Construction and infrastructure workload expectations continue to improve with respondents the most positive since the referendum, according to the latest Royal Institution of Chartered Surveyors (RICS) Construction and Infrastructure Market Survey, Q1 2017. The pace of growth has increased across all sectors pointing to a widespread improvement in the sector. Survey in brief National workloads expectations improve with the most positive sentiment since the referendum. Road and rail set to remain the fastest growing infrastructure sub sectors over next twelve months. Quality of available workers cited as a barrier to growth. Workloads and 12 month projections In Q1 2017 27% more respondents reported an increase in workloads, (up from +18% in Q4 2016). Expectations for the next 12 months also remain firmly positive particularly for activity levels although they have reduced slightly in case of profit margins. The shortage of skilled labour persists in UK infrastructure and construction and is again widely cited by contributors as a factor potentially impacting the performance of businesses working in the industry. Looking at the different sectors, 34% more respondents cited an increase in private housing output rather than a decrease, which puts it above the other sectors for the pace of growth once again; this has been the case since Q1 2013. While the commercial sector saw the largest growth in workload for the quarter (compared with Q4 2016) with 31% more respondents seeing a rise, infrastructure workloads continue to grow steadily with the most significant increases in rail, road and energy categories. These sectors are also viewed as the most promising sectors in infrastructure for the next 12 months. Breaking this down, 60% of respondents felt that repair and maintenance work of existing structures is the most needed type of investment in their area whilst 40% felt investment in new projects was necessary. Growing skills shortages As workloads increase, skill shortages are still sighted as a significant problem to the industry with 53% of respondents stating a shortage of skilled labour to be a key impediment to growth. This is slightly up from 50% in the last quarter. In recent reports, the proportion of respondents noting skill shortages to be the major barrier to growth had come down slightly but the latest results along with surveyors’ comments suggest labour shortage pressure across the UK construction sector is intensifying once more. Alongside this, 65% of respondents reported insufficient availability of quantity surveyors, with skill shortages in this area becoming increasingly prominent since 2012.  The results also point to the quality of available workers (rather than simply the quantity) being the principle driver in skill shortages, with 67% of respondents taking this view. Looking at this further, 59% of contributors feel that improved education pathways and training would the most effective policy response to alleviate labour supply pressures, whilst 31% of contributors feel direct government subsidisation of training would be the most effective. Financial constraints and their impact Meanwhile, financial constraints are still the most significant obstacle to growth with 70% of respondents citing this as an issue. Planning and regulation remains a significant impediment to growth with 61% of respondents citing this as an obstacle (up from 53% in Q4 2016). At the same time, tender prices are expected rise in the next 12 months. Specifically, 69% more respondents believe tender prices will go up in the building sector (rather than fall). The expected increase in tender prices may signal rising costs and shrinking profit margins which is also reflected in the 12 month expectation of profit margins easing from +26% in Q4 2016 to +18% in Q1 2017. Regionally all parts of the UK have observed an increase in pace of output growth in Q1, with the exception of Northern Ireland. The was due to the pace of growth slowing within the infrastructure, private industrials and public non-housing sectors. Output growth gathered the most pace in London and the South East where the net balance rose from +7% to +22%.   From http://www.rics.org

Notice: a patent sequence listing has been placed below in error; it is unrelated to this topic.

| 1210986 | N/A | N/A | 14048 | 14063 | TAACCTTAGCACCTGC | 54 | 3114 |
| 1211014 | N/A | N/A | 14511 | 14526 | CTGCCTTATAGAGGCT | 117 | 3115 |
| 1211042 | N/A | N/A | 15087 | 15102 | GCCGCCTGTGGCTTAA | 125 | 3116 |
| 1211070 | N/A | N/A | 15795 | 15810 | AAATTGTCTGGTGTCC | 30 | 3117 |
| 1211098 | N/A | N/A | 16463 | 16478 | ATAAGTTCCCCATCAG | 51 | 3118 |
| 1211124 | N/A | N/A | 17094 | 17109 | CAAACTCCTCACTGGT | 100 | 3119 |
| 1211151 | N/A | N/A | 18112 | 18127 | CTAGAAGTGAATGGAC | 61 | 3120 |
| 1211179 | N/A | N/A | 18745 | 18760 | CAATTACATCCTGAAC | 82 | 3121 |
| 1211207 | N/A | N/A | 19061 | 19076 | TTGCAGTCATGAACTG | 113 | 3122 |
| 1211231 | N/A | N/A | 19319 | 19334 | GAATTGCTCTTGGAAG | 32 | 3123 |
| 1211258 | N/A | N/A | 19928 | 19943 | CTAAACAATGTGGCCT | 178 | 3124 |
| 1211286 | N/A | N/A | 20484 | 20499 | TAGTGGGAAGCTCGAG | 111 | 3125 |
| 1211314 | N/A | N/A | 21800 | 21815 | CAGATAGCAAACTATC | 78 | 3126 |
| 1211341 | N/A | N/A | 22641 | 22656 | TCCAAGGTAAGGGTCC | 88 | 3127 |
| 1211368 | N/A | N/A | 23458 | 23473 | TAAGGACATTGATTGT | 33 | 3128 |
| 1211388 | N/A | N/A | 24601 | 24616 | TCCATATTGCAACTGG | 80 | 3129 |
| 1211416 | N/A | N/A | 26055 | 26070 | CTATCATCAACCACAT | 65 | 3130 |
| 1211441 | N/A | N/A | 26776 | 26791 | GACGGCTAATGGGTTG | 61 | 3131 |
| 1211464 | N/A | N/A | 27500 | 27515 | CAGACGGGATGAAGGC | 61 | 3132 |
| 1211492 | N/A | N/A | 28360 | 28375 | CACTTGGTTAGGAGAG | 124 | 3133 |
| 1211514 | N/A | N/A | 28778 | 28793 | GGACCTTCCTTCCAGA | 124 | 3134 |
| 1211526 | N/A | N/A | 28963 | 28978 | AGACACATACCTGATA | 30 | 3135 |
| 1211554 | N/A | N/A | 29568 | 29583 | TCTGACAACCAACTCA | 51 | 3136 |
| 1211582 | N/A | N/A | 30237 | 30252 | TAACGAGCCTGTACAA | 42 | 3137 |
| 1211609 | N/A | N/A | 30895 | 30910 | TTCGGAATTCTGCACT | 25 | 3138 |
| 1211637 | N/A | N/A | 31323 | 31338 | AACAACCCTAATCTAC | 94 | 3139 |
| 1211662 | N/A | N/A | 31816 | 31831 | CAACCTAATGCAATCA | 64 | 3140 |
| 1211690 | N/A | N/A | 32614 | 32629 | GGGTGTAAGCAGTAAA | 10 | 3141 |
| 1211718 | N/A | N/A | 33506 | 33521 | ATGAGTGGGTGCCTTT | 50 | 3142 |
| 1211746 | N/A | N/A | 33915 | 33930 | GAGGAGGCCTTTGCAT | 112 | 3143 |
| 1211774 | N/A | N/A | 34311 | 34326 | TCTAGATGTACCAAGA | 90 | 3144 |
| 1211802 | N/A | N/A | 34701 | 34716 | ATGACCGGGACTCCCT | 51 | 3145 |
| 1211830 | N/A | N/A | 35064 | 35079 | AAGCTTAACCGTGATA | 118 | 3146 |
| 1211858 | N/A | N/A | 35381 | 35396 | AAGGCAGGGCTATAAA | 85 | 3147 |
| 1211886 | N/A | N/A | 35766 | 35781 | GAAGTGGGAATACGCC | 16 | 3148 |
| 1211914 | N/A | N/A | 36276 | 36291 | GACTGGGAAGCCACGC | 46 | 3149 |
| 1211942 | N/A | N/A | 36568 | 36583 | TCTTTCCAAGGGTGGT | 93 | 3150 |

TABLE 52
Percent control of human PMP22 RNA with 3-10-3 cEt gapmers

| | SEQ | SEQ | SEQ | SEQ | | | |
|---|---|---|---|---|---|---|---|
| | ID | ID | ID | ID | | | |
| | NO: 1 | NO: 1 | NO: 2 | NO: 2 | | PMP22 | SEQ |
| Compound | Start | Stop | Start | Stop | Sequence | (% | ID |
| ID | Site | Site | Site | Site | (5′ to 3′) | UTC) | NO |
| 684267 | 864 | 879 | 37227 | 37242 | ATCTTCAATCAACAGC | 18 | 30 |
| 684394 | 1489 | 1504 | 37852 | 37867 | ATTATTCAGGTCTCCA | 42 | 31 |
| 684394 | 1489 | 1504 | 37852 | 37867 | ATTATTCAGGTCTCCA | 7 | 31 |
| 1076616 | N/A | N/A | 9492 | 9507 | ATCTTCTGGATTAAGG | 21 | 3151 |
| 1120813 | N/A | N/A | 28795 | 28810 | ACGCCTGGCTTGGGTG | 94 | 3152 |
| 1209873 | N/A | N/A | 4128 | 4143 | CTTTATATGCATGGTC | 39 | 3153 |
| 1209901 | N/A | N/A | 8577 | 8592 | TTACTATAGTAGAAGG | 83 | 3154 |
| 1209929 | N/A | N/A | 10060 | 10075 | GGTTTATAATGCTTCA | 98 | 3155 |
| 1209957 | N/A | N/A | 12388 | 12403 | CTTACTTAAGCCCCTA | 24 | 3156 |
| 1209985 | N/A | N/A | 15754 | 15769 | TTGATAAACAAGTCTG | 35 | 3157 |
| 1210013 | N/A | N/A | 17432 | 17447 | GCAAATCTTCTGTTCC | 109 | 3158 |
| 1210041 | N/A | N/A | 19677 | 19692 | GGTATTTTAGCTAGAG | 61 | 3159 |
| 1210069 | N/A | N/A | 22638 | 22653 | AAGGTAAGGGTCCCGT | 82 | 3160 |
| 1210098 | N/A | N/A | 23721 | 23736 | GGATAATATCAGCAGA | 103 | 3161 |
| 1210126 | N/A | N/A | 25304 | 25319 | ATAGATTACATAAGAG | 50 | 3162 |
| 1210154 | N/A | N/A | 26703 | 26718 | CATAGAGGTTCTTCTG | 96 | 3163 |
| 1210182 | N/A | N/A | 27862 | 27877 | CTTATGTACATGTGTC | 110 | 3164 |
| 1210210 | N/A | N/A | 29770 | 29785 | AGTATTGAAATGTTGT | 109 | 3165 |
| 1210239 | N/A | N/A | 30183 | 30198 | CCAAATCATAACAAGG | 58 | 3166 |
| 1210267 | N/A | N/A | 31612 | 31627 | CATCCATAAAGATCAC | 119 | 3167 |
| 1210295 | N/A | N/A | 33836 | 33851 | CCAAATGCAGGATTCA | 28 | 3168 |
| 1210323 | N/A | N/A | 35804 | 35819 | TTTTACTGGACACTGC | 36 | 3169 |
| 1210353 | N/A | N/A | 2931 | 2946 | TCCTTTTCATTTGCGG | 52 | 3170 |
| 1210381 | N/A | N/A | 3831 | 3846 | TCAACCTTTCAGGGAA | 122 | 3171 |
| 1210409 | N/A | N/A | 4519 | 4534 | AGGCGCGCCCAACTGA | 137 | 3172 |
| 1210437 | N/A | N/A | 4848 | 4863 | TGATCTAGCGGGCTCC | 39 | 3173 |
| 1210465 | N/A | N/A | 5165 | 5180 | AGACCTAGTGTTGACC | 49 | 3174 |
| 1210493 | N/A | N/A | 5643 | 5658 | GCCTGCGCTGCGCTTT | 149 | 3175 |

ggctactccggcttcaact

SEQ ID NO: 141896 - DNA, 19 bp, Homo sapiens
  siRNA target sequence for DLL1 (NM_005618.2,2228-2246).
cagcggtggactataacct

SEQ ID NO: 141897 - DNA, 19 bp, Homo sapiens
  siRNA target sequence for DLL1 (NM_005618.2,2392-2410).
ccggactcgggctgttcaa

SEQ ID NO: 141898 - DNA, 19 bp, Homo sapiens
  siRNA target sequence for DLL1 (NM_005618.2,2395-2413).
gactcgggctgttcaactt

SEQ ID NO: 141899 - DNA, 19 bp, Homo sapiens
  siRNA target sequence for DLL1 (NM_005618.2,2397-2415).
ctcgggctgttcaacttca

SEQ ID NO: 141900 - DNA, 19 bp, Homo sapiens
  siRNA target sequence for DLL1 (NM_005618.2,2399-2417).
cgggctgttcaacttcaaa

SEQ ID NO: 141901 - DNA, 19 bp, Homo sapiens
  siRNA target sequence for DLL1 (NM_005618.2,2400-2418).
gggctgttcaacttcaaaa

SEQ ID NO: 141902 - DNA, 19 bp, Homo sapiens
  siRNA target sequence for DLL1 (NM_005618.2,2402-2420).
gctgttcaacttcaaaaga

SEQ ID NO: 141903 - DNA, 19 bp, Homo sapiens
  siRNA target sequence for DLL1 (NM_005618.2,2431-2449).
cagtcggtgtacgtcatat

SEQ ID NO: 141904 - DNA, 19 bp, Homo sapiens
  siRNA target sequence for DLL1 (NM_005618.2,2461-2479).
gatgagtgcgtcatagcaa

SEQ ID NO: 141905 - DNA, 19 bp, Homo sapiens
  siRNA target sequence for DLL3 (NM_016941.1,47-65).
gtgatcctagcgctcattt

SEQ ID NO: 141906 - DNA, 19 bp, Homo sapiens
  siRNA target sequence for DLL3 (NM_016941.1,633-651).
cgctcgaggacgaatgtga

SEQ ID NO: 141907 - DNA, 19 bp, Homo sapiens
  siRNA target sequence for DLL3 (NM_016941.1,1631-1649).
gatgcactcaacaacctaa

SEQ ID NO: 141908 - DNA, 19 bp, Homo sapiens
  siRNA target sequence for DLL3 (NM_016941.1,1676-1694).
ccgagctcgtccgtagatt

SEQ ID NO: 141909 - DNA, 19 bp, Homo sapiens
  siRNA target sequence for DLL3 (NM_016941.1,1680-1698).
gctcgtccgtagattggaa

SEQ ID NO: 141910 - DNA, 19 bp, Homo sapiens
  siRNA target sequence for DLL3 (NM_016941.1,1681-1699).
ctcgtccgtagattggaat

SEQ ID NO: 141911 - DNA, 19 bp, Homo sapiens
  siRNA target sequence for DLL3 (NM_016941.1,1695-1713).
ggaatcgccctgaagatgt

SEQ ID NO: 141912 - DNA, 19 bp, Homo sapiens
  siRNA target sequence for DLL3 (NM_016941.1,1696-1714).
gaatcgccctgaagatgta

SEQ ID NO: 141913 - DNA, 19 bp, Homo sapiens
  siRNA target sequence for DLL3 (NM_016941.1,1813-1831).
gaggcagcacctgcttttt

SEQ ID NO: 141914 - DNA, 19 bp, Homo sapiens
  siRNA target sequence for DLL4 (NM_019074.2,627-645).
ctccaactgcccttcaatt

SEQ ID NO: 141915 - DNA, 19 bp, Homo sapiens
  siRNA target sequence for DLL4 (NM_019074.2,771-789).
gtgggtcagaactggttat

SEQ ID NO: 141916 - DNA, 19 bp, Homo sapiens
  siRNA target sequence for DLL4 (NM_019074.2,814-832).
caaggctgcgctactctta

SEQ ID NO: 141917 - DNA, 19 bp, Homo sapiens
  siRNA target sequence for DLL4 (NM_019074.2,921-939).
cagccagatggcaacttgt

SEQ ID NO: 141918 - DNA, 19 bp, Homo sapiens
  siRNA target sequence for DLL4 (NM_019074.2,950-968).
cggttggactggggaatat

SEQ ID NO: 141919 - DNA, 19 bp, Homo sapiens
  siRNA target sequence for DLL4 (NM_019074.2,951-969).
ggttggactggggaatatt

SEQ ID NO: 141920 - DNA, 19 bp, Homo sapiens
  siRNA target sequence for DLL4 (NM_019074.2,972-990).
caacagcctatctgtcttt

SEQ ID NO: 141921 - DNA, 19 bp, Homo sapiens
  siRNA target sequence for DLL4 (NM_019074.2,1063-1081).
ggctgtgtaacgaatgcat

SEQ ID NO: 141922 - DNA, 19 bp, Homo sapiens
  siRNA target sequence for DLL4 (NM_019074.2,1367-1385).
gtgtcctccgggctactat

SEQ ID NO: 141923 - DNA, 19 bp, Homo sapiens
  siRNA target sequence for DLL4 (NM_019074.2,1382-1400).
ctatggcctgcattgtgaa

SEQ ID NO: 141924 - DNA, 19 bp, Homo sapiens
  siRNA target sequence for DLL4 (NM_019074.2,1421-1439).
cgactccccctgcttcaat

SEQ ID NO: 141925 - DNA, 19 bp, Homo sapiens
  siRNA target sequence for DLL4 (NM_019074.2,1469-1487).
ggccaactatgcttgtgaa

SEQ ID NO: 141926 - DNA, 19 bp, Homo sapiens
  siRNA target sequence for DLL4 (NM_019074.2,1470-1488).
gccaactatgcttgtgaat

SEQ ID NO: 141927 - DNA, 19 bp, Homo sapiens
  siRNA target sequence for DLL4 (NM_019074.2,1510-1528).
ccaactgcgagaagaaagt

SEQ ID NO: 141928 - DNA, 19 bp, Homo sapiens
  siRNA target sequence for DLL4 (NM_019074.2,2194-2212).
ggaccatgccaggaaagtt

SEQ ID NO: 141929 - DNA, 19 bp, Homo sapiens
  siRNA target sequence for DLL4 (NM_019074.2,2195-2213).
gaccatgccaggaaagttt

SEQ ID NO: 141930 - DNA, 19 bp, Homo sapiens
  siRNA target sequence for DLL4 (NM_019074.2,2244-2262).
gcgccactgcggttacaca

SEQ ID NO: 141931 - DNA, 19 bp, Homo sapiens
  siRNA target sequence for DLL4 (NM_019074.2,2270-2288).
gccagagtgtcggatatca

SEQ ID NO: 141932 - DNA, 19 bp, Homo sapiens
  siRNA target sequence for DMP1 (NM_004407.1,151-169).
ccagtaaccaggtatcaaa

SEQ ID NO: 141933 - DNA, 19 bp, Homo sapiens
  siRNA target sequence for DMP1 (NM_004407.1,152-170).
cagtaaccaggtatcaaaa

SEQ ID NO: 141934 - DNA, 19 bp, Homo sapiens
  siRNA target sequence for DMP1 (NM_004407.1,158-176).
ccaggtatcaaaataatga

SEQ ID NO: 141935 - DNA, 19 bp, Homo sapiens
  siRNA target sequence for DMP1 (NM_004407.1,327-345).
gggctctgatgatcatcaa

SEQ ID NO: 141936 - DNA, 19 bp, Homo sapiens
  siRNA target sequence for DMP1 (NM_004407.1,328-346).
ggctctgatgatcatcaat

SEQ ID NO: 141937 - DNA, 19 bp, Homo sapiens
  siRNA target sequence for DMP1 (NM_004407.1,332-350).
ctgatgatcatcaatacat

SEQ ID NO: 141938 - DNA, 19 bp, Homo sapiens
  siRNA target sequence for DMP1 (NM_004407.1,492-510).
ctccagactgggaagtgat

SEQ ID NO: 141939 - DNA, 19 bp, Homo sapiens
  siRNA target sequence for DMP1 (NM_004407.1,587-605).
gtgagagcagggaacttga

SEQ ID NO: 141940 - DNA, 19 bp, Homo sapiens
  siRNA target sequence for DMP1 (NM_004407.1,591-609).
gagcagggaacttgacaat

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BESA Highlights Growth in Building Engineering Services

Much like within the architecture sector, contractors within the building engineering services sector maintain a positive outlook, with turnovers reported to have increased over 6 months up to last December (reported by BESA). The growth showcases the present state of the sector and its capacity to grow amidst unreliable economic climate; however, as always, there is more to it than that. Over the period, it has been reported that the frequency of enquiries and order books had in fact slowed down as compared to the previous 6 months, with tender prices, yes, rising over the period, but at a slower rate than previously. Combined with a reported rise in material and labour costs, the figures do call into question how the industry will fare in the coming years, however the present state of the sector remains wholly positive. As has been the case for some time within the construction industry, late payments remain a major challenge for businesses, though the situation is reported to have improved marginally. Late payments, in effect, making budgeting and cashflow a severe concern for contractors, remains one of the key factors impeding the growth of businesses, combined with the widely reported labour shortages in comparison to the demand for skilled labour – such as building and quantity surveyors, planners and design engineers. Though the figures do highlight a slowing down of growth across the market, the two aforementioned challenges may indeed be amongst the most prominent factors holding the industry back from achieving further growth and, as such, businesses are increasingly urged to assist in the labour shortages through apprenticeship schemes, training and improving awareness of the opportunities actually available in the industry. After all, it is the next generation of engineers which will define the future of the industry itself. In contrast, the upcoming deadline for businesses to take up Level 2 BIM across any and all public sector works does not appear have drastically impacted the industry as feared, with only a minor reduction in BESA members undertaking such projects (31%, down from 33%). But, of course, in building for the industry of tomorrow, the power is in the hands of businesses to act now in a bid to overcome some of the modern industry challenges, with movements towards addressing the lack of skilled labour being amongst the more important. Jim Marner, President of BESA commented: “The issues of skills shortages, labour costs, and the movement of resources, modern methods of design, project risk, procurement and quality control will all become even more significant in the coming months.” As such, contractors are urged to step up and make a difference.